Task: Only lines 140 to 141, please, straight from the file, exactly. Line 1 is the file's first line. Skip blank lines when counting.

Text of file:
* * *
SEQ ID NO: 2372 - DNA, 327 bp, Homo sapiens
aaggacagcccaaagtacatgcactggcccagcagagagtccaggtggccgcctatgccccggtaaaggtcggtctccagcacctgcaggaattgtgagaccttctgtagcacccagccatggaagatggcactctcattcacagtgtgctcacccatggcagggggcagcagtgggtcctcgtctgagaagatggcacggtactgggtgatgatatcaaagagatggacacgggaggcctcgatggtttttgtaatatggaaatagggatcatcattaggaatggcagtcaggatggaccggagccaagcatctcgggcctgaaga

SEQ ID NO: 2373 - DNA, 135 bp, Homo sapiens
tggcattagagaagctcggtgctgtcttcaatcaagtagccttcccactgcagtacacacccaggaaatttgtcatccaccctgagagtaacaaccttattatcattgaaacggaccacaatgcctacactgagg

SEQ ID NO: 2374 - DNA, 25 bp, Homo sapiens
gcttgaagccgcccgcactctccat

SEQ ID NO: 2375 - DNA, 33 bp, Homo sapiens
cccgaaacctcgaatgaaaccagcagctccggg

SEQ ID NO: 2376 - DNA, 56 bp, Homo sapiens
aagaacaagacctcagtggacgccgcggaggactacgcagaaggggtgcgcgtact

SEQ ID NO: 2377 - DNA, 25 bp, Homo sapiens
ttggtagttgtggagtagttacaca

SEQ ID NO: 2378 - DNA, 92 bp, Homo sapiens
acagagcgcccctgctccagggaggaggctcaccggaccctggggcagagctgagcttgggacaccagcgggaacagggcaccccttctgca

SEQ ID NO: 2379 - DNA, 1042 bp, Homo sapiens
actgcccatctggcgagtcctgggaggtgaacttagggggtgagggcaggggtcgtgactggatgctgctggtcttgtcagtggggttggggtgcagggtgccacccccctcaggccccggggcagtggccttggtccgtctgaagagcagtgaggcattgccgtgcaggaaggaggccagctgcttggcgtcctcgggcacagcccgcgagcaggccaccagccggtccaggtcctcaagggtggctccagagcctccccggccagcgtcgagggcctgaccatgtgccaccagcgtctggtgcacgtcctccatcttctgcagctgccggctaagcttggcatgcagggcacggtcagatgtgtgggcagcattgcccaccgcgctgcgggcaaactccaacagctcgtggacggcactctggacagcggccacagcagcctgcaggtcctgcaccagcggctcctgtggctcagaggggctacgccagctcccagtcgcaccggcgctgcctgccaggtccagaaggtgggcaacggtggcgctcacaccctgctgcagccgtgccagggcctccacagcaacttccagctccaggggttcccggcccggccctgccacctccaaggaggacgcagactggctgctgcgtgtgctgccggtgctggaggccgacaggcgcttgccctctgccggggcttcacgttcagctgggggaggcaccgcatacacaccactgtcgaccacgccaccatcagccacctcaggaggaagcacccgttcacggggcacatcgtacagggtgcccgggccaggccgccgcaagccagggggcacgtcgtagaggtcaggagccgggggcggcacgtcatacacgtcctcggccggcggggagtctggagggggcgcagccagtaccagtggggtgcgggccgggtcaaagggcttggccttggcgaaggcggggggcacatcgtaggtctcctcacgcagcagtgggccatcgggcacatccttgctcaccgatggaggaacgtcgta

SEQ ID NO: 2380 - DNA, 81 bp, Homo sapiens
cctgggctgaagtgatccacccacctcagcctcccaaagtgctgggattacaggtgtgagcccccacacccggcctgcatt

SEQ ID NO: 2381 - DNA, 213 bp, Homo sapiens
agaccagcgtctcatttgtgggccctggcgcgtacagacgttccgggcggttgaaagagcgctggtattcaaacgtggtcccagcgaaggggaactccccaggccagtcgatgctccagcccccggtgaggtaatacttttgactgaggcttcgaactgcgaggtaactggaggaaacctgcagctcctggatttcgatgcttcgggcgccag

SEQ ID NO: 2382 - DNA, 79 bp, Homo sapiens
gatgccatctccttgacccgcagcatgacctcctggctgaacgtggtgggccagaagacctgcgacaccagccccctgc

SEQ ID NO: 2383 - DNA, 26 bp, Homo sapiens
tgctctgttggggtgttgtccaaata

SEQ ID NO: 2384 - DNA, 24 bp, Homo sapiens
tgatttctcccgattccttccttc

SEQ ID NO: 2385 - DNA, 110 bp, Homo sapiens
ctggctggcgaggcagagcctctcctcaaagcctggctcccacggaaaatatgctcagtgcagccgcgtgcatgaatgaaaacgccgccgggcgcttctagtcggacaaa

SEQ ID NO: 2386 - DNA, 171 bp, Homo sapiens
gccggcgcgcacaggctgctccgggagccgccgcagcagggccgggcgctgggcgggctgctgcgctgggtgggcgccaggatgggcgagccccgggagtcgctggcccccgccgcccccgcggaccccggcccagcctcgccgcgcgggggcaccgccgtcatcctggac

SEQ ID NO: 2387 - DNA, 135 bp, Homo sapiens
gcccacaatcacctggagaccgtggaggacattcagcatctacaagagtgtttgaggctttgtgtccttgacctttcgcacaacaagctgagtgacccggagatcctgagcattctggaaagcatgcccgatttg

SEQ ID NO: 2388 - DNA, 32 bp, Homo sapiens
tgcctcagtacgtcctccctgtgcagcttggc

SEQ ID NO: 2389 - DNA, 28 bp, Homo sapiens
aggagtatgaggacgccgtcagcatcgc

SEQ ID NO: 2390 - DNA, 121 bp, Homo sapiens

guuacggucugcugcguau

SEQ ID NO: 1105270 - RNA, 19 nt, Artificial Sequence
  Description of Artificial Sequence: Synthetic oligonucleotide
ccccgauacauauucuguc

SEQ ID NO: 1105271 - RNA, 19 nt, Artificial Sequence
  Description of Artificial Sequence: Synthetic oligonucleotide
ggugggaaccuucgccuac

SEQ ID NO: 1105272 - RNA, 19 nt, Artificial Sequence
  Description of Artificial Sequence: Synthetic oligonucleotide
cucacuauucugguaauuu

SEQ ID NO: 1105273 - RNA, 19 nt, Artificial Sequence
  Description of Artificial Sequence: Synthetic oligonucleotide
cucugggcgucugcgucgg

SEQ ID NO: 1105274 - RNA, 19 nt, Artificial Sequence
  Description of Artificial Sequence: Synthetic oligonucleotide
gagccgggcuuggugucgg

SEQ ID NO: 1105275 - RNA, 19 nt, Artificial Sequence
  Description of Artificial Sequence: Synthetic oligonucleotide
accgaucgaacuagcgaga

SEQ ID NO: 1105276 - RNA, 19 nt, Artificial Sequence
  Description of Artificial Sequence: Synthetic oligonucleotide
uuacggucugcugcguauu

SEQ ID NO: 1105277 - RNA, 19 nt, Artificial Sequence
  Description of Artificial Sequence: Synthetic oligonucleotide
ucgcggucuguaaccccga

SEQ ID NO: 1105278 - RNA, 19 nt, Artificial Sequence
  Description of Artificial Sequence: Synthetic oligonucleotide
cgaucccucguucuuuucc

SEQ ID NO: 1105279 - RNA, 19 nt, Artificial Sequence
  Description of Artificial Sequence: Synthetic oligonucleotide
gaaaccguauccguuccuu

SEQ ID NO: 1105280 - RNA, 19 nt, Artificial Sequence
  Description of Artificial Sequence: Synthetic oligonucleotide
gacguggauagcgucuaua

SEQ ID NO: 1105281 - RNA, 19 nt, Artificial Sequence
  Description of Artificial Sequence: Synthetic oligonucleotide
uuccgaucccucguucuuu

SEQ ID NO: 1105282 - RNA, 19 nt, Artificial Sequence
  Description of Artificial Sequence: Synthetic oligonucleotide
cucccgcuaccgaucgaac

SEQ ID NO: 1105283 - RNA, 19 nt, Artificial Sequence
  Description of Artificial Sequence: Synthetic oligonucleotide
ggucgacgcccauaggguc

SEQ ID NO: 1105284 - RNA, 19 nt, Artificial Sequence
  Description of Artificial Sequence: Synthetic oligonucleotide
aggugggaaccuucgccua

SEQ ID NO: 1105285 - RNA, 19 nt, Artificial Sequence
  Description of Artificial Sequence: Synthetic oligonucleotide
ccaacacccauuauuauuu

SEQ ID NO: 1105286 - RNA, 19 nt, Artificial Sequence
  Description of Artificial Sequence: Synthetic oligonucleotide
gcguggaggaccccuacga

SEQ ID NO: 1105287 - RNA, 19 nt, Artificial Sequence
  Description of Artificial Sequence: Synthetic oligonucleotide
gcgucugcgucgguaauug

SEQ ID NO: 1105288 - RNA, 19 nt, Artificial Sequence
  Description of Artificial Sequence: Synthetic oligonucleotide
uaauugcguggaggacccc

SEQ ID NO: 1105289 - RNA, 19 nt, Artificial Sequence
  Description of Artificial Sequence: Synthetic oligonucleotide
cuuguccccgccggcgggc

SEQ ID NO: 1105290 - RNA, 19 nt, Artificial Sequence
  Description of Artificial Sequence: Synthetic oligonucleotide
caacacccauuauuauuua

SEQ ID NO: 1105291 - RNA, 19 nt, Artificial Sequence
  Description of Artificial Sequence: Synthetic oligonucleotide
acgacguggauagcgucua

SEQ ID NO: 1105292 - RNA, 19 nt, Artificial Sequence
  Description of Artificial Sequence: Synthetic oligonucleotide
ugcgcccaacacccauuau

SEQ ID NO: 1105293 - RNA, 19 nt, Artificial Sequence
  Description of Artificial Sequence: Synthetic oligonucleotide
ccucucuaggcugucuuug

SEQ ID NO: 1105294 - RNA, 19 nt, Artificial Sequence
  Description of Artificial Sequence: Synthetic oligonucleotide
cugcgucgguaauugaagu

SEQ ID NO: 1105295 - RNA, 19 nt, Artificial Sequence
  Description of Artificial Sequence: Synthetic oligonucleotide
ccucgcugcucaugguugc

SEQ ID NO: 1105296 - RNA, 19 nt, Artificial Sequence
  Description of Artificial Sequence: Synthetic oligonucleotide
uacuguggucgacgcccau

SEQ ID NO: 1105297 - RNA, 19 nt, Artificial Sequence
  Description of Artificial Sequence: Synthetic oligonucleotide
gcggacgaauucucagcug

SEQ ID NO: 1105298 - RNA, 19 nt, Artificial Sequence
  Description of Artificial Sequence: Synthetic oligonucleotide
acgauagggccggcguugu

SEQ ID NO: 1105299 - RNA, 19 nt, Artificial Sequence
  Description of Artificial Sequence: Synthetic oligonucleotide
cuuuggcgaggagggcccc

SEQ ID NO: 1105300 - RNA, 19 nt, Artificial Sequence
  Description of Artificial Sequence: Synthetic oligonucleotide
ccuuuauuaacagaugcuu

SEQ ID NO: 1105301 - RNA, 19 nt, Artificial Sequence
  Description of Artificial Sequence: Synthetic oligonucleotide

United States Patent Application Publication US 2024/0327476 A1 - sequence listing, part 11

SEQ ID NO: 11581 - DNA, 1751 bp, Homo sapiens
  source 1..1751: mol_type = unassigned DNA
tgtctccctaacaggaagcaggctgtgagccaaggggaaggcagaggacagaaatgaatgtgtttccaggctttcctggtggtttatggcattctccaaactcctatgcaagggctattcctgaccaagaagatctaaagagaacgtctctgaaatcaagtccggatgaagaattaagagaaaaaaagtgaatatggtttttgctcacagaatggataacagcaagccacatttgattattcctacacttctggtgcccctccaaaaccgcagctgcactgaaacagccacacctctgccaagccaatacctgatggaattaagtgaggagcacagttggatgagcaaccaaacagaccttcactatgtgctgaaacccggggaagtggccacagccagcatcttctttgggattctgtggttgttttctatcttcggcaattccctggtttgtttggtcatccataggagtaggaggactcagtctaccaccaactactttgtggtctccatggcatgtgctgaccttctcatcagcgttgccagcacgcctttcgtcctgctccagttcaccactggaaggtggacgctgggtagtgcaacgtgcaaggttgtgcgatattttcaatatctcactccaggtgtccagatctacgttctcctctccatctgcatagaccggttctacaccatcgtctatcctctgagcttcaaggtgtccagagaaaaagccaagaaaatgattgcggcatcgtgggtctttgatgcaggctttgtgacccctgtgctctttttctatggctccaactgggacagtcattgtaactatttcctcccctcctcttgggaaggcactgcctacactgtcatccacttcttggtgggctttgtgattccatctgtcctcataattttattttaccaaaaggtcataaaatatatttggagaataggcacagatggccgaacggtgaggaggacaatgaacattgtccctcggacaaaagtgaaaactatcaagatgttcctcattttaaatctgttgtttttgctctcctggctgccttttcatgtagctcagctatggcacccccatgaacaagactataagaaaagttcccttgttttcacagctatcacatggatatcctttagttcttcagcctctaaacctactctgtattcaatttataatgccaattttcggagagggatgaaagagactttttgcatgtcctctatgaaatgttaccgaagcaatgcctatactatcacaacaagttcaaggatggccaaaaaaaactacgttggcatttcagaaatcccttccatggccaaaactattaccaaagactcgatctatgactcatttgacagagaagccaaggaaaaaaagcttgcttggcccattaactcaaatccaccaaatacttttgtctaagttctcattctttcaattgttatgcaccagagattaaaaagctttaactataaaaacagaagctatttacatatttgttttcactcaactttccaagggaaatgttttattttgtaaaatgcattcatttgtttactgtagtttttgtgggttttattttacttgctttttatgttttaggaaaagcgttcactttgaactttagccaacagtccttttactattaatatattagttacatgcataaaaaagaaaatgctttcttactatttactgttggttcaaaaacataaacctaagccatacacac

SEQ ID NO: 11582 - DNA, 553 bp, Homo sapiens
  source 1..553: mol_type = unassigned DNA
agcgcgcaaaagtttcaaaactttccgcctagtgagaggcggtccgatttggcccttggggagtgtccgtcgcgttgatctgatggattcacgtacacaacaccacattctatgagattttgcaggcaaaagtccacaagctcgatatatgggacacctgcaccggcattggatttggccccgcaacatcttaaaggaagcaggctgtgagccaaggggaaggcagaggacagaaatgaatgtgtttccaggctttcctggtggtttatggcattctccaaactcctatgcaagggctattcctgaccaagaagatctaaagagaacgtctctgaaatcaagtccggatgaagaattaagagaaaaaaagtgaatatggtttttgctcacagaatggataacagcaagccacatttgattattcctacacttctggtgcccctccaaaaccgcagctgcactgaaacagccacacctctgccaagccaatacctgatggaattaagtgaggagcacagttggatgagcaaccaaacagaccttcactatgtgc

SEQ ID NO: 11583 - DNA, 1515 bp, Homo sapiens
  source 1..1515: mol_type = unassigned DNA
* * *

agcgcgcaaaagtttcaaaactttccgcctagtgagaggcggtccgatttggcccttggggagtgtccgtcgcgttgatctgatggattcacgtacacaacaccacattctatgagattttgcaggcaaaagtccacaagctcgatatatgggacacctgcaccggcattggatttggccccgcaacatcttaaaggaagcaggctgtgagccaaggggaaggcagaggacagaaatgaatgtgtttccaggctttcctggtggtttatggcattctccaaactcctatgcaagggctattcctgaccaagaagatctaaagagaacgtctctgaaatcaagtccggatgaagaattaagagaaaaaaagtgaatatggtttttgctcacagaatggataacagcaagccacatttgattattcctacacttctggtgcccctccaaaaccgcagctgcactgaaacagccacacctctgccaagccaatacctgatggaattaagtgaggagcacagttggatgagcaaccaaacagaccttcactatgtgc

SEQ ID NO: 11583 - DNA, 1515 bp, Homo sapiens